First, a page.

The CSLC prioritizes innovative second language acquisition through Computer Assisted Language Learning (CALL) and other effective uses of technology. The center provides language technology workshops throughout the semester. In addition, direct one-on-one consultations with language faculty are available by appointment. Please contact the CSLC Educational Technologist Guieswende Rouamba at or 574.631.1332

Workshops/Talks Spring 2019

Extensive Reading Empowers Autonomous Learners: What it is and how it works
Extensive reading (ER) is the independent reading of many, various, self-selected, easy materials (Day & Bamford, 2004). It is different from the traditional, teacher-centered intensive reading. Learn how ER can be a robust and flexible method for encouraging autonomous learning, serve increasingly diverse groups of students, satisfy their individual needs and provide an opportunity for teachers to reflect on their own teaching.
Professor Noriko Hanabusa has conducted workshops and given invited talks about ER in the US, Europe, and Asia. She has also published articles and conference proceedings on this student-centered approach. Let her teach you how you might incorporate ER into your own curricula.
Presenter: Noriko Hanabusa
Thursday, January 24, 2:00 - 3:00 pm
125 Classroom Hesburgh Library  
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Social Justice in the Language Classroom: A Call to Action
Critical and social justice approaches to language teaching have gained tremendous momentum in recent years. This talk explores the current state of the field, historical trends that have contributed to the rise of social justice in language teaching, and where instructors can find resources to support intentional, reflective, and L2-oriented approaches to integrating social justice into their L2 classrooms with a particular focus on novice and intermediate language instruction.
Presenter: Stacey Johnson - Vanderbilt University
Thursday, February 14, 4:00 - 5:00 pm
329 DeBartolo Hall (CSLC)
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Lunch and Learn: Adobe Spark Page for Teaching and Learning
In this workshop, you will learn how to use Adobe Spark Page, a free online web page builder, to enhance your students’ classroom experience.
Presenters: Chris Clark and Guieswende Rouamba
Two session options: Tuesday, February 19, or Wednesday, February 20, 12:00 - 1:00 pm
329 DeBartolo Hall (CSLC)
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Online College Teaching Institute for Graduate Students
Graduate students are invited to attend a six-week online training on how to design and teach online courses. Participants will learn the basic pedagogical approaches, design principles, and technological tools that facilitate online learning. The institute is completely online and requires 4 to 6 hours per week of your time.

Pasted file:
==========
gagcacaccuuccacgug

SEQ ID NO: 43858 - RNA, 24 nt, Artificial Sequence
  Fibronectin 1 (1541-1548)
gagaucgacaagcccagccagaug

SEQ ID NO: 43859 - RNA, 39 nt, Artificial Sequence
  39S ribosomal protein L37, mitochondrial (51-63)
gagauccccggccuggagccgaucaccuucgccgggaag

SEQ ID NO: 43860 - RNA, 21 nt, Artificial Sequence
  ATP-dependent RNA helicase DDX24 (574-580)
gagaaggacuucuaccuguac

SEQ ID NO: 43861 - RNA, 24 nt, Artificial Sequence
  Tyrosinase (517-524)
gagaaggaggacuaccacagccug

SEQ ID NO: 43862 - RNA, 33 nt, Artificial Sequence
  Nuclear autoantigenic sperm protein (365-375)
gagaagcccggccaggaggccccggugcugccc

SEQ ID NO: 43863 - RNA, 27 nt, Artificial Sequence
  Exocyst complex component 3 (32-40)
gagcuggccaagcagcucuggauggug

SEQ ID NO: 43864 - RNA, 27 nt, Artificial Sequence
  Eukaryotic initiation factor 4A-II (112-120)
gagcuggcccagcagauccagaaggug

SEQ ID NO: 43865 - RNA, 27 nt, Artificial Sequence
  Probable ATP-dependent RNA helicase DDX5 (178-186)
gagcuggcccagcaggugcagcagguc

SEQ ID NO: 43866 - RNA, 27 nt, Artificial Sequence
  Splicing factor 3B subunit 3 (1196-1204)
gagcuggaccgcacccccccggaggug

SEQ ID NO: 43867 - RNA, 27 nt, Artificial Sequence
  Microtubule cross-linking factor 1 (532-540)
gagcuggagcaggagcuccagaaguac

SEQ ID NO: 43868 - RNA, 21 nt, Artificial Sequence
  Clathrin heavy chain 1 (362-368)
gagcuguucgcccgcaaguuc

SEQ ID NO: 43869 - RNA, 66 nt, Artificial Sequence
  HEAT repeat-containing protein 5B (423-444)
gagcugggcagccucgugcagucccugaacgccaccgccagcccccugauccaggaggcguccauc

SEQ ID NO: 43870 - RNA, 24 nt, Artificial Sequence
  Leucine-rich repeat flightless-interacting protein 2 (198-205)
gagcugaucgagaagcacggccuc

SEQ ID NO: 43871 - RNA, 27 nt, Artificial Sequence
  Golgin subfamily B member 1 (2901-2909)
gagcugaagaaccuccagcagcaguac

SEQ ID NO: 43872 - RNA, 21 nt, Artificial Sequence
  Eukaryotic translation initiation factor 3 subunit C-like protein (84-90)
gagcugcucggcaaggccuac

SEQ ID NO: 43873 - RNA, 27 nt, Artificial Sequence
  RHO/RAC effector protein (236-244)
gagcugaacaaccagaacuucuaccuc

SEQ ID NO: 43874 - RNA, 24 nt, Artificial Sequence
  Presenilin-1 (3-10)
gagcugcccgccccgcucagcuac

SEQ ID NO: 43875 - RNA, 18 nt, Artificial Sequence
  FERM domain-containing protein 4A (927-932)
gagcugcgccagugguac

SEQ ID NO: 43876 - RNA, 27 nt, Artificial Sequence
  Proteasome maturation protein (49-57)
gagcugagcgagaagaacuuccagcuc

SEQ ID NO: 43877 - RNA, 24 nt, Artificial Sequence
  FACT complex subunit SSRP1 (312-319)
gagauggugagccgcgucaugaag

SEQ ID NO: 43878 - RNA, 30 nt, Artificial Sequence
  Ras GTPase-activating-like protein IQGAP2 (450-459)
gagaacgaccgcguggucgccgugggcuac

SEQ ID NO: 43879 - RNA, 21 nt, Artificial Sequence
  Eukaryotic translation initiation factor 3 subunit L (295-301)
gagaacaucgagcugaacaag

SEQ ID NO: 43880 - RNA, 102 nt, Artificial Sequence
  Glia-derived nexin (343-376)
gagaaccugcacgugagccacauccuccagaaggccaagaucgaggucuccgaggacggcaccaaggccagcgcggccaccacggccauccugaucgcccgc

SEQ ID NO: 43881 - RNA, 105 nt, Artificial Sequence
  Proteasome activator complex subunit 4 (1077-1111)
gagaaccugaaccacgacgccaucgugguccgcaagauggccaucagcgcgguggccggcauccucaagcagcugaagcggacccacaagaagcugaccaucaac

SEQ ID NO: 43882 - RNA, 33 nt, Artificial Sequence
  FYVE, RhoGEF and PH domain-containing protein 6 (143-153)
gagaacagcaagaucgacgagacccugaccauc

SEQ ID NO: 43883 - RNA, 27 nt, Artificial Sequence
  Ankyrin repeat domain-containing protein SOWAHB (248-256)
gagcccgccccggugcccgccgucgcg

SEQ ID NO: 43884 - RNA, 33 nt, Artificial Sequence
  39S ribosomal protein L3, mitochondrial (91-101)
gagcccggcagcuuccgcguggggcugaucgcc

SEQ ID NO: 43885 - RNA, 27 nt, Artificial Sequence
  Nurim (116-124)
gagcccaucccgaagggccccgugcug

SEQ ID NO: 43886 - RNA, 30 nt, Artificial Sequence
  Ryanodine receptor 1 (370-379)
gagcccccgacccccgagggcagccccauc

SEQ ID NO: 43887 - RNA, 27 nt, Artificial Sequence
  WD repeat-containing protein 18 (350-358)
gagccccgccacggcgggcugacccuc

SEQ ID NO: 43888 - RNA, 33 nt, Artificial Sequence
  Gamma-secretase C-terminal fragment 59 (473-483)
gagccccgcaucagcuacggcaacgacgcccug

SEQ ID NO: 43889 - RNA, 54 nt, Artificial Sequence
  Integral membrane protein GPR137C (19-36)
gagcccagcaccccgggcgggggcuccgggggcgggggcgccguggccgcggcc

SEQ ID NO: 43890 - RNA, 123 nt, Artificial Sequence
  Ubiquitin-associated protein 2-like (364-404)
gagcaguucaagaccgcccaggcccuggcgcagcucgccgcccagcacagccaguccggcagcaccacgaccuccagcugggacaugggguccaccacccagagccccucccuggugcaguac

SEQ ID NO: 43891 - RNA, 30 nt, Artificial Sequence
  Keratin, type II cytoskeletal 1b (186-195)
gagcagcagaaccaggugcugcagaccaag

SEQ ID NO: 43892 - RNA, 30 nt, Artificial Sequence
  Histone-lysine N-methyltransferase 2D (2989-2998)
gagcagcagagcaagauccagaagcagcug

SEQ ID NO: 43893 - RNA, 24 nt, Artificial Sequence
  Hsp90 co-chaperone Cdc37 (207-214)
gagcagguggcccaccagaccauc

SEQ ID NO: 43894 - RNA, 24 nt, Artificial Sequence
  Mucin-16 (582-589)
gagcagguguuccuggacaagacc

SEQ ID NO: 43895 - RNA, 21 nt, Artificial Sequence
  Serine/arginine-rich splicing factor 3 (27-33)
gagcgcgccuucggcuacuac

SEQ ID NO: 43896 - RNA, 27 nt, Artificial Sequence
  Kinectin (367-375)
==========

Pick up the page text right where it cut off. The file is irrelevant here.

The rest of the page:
Presenters: Guieswende Rouamba, Alex Ambrose, Kristi Rudenga
Monday, February 25
Location: Online
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Lunch and Learn: Developing and Teaching Hybrid Courses
In this workshop, the presenter will share his experience designing and teaching a hybrid Latin course. 
Presenter: Tadeusz Mazurek
Tuesday, March 5, 12:00 - 1:00 pm
329 DeBartolo Hall (CSLC)
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The role of motivation and engagement in digital learning: Toward a learning experience design model

A large body of research, including many of my own work, clearly indicates that when learners believe that information is interesting, valuable and intrinsically meaningful, they are more likely to learn the information, and to engage in behaviors related to those beliefs; in addition, when learners believe that they will be successful within an academic domain, they are more likely to achieve at high levels within that domain. Students’ motivation and engagement play important roles in influencing academic performance and success in both traditional and digital learning environments.
In this talk, I will contextualize the concepts of motivation and engagement in digital learning environments. Digital learning has enabled universities and colleges to extend learning opportunities to students who cannot attend traditional classes due to time or location constraints. Yet the physical isolation between students and teachers creates challenges for both, especially in communication. Student motivation often suffers and their engagement declines as a result of this isolation. More specifically, I will address important questions, such as, what are types of motivation, what are the empirical evidence representing the different perspectives of engagement in digital learning, what are the research evidence showing the relationship between motivation, engagement, and performance in online classes and also in traditional classrooms? I will summarize several of my research projects and findings to support my responses to these questions. I will also propose design considerations to support motivation, engagement, and performance in digital learning, which will also have implications to traditional classrooms.
Presenter: Dr. Kui Xie - The Ohio State University
Tuesday, March 19, 4:00 - 5:00 pm
138 Corbett Family Hall
Click here to register